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So Now You're an RA
Life after the RA Experience
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Fun on the Job
Bulletin Board Ideas
Careers in Student Affairs
Masters Degree: Work and Pay Opportunities
Program Possibilities
Door Tag Ideas
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Making the Life of An RA Easier

By Michael Bredehoft, Resident Assistant, Bethany College

The life of a RA is busy, to say the least. Managing the position along with other commitments such as academics, outside curricular activities, and a personal life can be challenging. The following information provides easy tips to make the busy life of a RA a bit easier.

Putting your Personal Signature on the Hall

A residence hall is a college student’s home away from home. It should be warm and inviting and a safe place to live. By putting your “personal signature” on the hall, you can make it feel more like home for both you and your residents.

A way to add your “personal signature” is to decorate the hall seasonally. It is fun for residents to decorate for holidays such as Halloween and Christmas. By decorating, you can put the hall in a festive mood as well as allow resident to feel that they are an important part of the hall. Decorations make a residence hall feel a lot more like a home and less like countless individual rooms.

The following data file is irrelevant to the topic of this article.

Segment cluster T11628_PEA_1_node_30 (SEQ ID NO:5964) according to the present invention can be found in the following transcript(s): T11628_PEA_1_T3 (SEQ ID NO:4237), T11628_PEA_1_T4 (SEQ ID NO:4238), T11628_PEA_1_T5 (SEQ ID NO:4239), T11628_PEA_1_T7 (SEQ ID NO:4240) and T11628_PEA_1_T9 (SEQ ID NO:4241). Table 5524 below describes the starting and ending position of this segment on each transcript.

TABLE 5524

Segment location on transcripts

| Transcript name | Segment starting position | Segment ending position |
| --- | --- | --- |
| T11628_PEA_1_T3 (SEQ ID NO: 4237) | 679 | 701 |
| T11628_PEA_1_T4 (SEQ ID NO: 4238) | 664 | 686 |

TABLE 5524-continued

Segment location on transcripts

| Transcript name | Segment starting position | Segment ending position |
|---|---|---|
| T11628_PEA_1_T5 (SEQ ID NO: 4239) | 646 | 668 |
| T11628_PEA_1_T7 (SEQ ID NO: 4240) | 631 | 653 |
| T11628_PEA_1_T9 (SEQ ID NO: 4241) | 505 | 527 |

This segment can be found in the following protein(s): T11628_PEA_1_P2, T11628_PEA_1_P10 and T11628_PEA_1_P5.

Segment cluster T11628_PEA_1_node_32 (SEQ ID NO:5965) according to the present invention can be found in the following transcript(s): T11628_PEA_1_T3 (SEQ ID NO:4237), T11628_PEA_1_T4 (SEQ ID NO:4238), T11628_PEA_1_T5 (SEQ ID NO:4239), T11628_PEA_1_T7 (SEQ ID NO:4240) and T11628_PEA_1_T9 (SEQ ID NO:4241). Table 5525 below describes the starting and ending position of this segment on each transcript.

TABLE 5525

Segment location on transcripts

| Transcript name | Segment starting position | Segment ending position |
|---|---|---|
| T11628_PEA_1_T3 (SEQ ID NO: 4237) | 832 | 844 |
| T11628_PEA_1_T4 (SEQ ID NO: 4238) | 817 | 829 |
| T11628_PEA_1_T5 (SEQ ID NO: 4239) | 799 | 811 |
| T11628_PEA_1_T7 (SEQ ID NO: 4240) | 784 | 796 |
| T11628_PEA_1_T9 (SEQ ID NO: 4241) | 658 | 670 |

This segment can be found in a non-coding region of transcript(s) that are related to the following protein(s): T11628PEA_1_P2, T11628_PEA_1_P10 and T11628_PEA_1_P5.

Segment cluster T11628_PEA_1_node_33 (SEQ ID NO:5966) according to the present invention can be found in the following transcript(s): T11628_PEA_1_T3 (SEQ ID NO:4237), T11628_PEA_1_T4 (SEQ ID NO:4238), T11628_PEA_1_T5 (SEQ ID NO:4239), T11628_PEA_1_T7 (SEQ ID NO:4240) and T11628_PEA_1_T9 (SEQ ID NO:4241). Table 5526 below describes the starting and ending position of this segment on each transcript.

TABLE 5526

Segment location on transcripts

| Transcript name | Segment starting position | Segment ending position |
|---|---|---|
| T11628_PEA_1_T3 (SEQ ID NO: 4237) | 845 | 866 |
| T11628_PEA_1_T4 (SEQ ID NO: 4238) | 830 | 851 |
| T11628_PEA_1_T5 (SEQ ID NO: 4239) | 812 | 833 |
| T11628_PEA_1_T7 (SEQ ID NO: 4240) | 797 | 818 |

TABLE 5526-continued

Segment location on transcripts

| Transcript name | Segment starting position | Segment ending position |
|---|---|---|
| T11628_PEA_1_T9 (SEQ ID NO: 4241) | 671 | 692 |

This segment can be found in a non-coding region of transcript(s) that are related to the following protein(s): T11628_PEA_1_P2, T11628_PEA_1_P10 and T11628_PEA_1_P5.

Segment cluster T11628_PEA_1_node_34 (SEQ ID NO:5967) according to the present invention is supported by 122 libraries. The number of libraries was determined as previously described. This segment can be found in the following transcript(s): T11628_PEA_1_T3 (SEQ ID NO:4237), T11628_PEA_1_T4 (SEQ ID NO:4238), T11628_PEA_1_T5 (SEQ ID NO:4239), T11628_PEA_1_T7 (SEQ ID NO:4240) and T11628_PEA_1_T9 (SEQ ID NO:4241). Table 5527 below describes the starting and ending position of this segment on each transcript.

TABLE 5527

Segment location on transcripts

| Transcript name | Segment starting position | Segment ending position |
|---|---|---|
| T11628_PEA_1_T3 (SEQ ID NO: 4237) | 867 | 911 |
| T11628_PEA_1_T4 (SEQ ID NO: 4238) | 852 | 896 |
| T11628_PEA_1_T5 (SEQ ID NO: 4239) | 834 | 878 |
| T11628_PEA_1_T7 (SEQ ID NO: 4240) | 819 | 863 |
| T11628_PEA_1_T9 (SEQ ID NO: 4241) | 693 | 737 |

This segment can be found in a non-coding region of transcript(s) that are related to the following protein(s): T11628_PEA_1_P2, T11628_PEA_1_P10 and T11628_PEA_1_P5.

Getting People Involved

One of the challenges of being a resident assistant is getting everyone in the hall involved. There are a couple of techniques I have found that make this easier. They are competition, food, and providing programs that interest your residents.

Healthy competition is key to getting residents involved. At Bethany College, we have what is called the Ultimate Swede Challenge. It is a competition between the residence halls. You earn points throughout the year by doing programs and activities as a section or hall. One competition we had was the Penny Challenge. We collected pennies, other change and bills for the United Way. Pennies were positive points for your hall, everything else was negative points for the other halls. Last year we collected over $1000. The reason this activity was so successful was because of the competition between the halls. If residents have a goal of a challenge, they are much more likely to respond and participate.

The second thing you obviously need is food. Food is a key ingredient to good attendance at a program. We all know the financial status of college students, and good, free food can make the difference between a successful and unsuccessful program.

Of most importance is doing things that are of interest to your residents. This requires you to really know your residents and their likes and dislikes. Completing an interest survey of your residents is strongly recommended. Success breeds success. Do one successful programs and residents are more likely to participate in future programs. Prizes are also a good idea for encouraging participation.

Using university events as programming options